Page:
Poised over a table of accounting students in the tutoring center, Talar Hanounek’s bright eye contact and brighter smile suggests a focused woman. But her serenity belies a background upset by conflict and war.
Hanounek is a single mother of twin six-year old boys who emigrated from Syria in 2015 due in part to a difficult divorce and partly because of the war. Aside from parenting her sons Zohrab and Khoren, Hanounek tutors at Pierce College and attends her last semester of classes in her Accounting Master’s degree program at California State University, Northridge.
In spite of the ongoing conflict between ISIS and the Syrian military, Hanounek said she and her family lived comfortably in their home country and had a very good life.
Hanounek said she was born in the States, but she was raised in Aleppo, Syria by two Armenian engineers. Hanounek said she spent her summers in Kessab, a small village along the Mediterranean Sea close to all-natural loreal trees.
In Kessab, Hanounek said her father constructed 10-12 distinct homes and an organic soap factory, but didn’t imagine at the time that he and his family would have to use their vacation home there as a refuge from the conflict in Aleppo.
Hanounek said that, in 2014, the growing intensity of the war in Aleppo, including the lack of electricity, caused her family to deviate from their normal winter-summer housing rhythm and relocate to Kessab for the winter months.
“So when ISIS came, we said ‘let’s go spend the winter in that house,’” Hanounek said.
Hanounek said her family was preparing a Mother’s Day meal two weeks after they arrived in town when friends called and shared that they had heard rumors about a potential ISIS invasion of their refuge, which was only a stone’s throw away from Turkey.
“I didn’t realize that night would be my last day at the house,” Hanounek said.
Hanounek said she and her family were awakened by another phone call.
“Our friends called us again and told us we need to leave everything. ISIS attacked, and who helped them? The Turkish army,” she said.
Hanounek said she woke up to the sound of rackets all around her and that her departure was fraught and chaotic.
“Me, my twin boys, my mom, my dad, my sister and our two servants didn’t take anything. I was wearing PJs,” Hanounek said.
Hanounek said the Syrian Army helped citizens of Kessab escape by opening roads, which allowed her and her family to return to Aleppo.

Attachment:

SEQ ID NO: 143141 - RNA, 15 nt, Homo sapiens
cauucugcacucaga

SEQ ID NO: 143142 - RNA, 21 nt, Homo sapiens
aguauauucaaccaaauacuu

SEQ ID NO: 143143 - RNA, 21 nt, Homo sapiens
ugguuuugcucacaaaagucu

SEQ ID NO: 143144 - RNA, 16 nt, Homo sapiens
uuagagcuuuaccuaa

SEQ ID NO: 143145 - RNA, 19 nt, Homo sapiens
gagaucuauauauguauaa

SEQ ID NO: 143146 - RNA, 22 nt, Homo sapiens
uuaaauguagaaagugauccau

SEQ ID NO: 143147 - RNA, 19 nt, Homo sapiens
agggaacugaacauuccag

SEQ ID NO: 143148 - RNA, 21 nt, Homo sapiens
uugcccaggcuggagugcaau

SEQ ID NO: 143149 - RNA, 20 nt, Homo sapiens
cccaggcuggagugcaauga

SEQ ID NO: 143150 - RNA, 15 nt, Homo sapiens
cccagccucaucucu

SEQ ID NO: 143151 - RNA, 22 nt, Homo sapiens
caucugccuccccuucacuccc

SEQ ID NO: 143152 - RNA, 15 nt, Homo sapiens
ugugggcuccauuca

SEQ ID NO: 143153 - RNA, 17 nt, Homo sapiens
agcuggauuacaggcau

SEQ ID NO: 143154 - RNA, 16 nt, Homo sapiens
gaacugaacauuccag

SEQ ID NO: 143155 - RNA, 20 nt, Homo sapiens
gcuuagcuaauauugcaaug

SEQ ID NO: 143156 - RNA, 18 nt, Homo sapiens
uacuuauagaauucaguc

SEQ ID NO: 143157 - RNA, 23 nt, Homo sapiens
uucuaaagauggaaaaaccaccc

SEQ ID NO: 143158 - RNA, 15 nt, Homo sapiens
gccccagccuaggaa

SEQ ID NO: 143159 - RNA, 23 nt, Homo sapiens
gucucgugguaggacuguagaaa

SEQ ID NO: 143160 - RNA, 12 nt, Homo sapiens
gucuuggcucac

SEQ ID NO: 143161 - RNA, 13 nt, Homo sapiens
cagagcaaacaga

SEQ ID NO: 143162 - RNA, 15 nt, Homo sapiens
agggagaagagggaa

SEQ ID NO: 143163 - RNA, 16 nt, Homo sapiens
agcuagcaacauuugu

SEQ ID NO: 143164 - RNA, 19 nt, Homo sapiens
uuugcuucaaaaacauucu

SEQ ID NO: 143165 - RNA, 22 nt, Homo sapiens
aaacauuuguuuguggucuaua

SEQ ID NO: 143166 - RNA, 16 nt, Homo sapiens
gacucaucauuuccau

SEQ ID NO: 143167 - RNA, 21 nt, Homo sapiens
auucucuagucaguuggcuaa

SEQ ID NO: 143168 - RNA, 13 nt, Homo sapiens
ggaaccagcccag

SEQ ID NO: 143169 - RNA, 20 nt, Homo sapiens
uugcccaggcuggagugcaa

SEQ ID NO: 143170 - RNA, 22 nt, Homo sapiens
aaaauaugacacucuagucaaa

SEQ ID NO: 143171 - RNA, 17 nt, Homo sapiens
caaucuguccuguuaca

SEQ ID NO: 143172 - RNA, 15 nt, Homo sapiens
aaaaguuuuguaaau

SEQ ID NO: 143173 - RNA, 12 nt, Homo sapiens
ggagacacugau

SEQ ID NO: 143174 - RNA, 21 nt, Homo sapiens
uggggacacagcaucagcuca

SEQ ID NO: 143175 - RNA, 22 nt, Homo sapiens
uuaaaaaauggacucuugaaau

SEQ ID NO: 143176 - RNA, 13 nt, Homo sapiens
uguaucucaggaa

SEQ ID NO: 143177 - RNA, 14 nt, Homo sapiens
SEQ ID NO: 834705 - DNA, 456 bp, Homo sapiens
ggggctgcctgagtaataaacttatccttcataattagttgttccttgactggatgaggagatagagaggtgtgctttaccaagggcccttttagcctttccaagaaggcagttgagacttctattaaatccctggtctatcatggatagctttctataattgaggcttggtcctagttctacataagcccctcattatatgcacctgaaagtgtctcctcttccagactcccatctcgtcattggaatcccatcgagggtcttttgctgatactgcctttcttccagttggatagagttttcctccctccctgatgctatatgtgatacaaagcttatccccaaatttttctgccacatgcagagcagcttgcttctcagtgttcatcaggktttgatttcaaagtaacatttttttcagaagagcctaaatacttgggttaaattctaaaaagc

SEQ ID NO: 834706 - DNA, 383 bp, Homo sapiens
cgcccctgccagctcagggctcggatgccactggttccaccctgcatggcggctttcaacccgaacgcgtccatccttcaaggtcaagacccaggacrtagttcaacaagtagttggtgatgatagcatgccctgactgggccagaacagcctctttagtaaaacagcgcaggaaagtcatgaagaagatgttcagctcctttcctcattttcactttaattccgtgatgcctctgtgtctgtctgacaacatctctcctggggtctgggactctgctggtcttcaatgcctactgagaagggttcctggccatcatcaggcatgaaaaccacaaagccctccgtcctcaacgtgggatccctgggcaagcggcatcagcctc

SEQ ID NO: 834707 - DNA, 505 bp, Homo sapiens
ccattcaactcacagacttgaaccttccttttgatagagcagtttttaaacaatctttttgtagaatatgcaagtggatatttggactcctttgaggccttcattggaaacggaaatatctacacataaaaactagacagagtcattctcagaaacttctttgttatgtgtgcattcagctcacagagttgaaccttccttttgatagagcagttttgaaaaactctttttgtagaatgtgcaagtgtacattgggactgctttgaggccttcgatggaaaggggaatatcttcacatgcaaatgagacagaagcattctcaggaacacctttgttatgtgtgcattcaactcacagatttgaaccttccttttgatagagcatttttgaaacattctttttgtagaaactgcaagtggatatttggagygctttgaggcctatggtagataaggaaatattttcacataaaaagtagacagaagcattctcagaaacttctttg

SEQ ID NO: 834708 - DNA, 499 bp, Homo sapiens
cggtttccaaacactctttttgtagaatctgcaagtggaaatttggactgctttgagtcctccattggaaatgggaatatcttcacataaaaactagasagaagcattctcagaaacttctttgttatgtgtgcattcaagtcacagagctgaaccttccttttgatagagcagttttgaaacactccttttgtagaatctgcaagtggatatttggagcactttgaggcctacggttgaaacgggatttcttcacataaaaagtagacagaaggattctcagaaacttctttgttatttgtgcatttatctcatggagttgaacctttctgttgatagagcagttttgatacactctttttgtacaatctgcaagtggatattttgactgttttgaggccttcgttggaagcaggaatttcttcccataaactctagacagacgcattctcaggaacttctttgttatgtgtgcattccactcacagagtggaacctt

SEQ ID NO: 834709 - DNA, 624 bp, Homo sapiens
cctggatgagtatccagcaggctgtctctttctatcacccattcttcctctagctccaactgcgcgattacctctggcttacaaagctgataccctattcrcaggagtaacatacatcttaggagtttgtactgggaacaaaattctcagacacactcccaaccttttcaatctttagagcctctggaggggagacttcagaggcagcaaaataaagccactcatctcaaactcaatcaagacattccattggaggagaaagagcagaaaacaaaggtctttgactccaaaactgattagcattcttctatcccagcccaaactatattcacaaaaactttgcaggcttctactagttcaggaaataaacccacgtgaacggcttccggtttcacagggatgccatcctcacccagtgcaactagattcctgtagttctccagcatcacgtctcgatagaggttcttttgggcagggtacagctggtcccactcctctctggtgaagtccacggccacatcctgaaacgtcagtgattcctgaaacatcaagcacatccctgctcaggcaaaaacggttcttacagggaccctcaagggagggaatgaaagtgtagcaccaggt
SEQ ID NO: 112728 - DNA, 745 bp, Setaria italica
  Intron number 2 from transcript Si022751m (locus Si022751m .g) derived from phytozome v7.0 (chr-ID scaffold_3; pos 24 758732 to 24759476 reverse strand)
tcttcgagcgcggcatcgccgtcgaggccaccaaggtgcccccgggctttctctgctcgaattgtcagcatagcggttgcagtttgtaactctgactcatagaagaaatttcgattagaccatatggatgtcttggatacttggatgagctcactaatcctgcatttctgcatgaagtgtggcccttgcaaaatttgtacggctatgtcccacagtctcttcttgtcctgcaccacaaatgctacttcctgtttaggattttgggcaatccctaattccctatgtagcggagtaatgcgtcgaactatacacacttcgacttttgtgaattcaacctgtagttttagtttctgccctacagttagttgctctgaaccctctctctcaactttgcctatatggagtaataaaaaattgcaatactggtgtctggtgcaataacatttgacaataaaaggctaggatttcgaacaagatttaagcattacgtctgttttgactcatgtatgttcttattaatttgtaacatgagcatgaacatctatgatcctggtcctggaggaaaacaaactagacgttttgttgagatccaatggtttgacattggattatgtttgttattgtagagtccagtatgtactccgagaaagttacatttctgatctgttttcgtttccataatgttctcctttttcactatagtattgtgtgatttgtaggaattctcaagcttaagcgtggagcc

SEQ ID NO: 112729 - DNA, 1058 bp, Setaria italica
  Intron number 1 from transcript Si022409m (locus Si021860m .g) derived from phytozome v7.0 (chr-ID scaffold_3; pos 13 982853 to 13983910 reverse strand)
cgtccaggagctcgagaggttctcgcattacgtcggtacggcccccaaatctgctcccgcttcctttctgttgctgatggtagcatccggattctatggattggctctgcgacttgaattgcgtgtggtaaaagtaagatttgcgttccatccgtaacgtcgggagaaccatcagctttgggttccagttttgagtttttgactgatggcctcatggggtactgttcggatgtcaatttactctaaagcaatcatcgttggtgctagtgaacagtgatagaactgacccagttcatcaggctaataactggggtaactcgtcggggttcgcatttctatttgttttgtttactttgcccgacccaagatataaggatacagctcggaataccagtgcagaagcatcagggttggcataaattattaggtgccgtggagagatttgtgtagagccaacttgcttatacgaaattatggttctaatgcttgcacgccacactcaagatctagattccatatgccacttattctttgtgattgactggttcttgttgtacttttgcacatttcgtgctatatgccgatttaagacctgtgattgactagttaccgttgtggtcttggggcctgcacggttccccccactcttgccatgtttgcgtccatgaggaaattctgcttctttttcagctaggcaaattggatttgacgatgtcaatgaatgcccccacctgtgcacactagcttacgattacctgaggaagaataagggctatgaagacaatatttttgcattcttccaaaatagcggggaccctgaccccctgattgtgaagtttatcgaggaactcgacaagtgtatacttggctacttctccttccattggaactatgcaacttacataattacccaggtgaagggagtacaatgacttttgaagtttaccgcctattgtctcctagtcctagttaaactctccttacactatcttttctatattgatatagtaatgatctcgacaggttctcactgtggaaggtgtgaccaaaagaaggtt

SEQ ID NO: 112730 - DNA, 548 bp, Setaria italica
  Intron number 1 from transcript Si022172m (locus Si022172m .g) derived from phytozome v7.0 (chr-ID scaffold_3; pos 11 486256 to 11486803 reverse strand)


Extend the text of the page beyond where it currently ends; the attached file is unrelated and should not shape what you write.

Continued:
“That was the last day we were in that house. I loved that house, I have memories from my childhood there,” Hanounek said.
Hanounek said the ISIS occupation was short-lived, and two months later, when her father returned, their home was still intact, though in no shape to live in. Similarly, the soap factory was out of commision because the expensive machinery used to process the natural ingredients had been sold in Turkish markets.
Hanounek said the wrecked family piano, torn art created by her father and drowned icons were hard for her father to process upon his return, and that the messages her family received from their former gardener were unpredictably disturbing.
“He took a picture of our two dogs and sent my father the picture and said, ‘Look, I’m going to kill them.’ He said, ‘See, I’m sitting in your house,’” Hanounek said.
Now, Hanounek said she balances her identity as an accounting tutor in her last semester of California Stat University, Northridge’s Accounting masters program. Hanounek attributes her academic success to God and a support system made up of her family and academic advisors.
Stefan Ignatovski, accounting professor, said Talar was in all of the classes he has taught in Pierce College.
Ignatovski said, in Hanounek’s case, honesty is really the best policy.
“She knows how to work hard. She’s very motivated and she wants to take every opportunity,” Ignatovski said. “She has a strong intellect and doesn’t shy away from sharing her knowledge with others. She’s the student every professor wants.”
Hanounek said that she greatly appreciates Ignatovski’s inspiration as a teacher.
“Professor Stefan is one of the best accounting professors at Pierce. He was my advisor in everything, motivating me in everything. I owe this guy, really,” she said.
Hanounek said Ignatovski is responsible for convincing her that she should apply for her master’s degree rather than pursuing an undergraduate education she already received in Syria, where she received a bachelor’s degree in business management with a specialization in marketing.
Hanounek has maintained a position as an accounting tutor at the Center for Academic Success (CAS). Crystal Kiekel, the director of CAS, said Hanounek’s commitment to the students and the process of learning has repeatedly awed her.
“There have been multiple occasions where when I arrive to campus around 7 o’clock, Talar is already here. I will step out of my office periodically, and she seems to never move, when the day is over it appears as if she has down 8 hours of work, without stopping for a break once,” Kiekel said.
Kiekel said Hanounek’s passion for her chosen field mark her as a positive example to those she works with.
“She has a certain excitement that is transferable. She can transfer her joy for learning to others, which is a key quality of a good educator,” Kiekel said.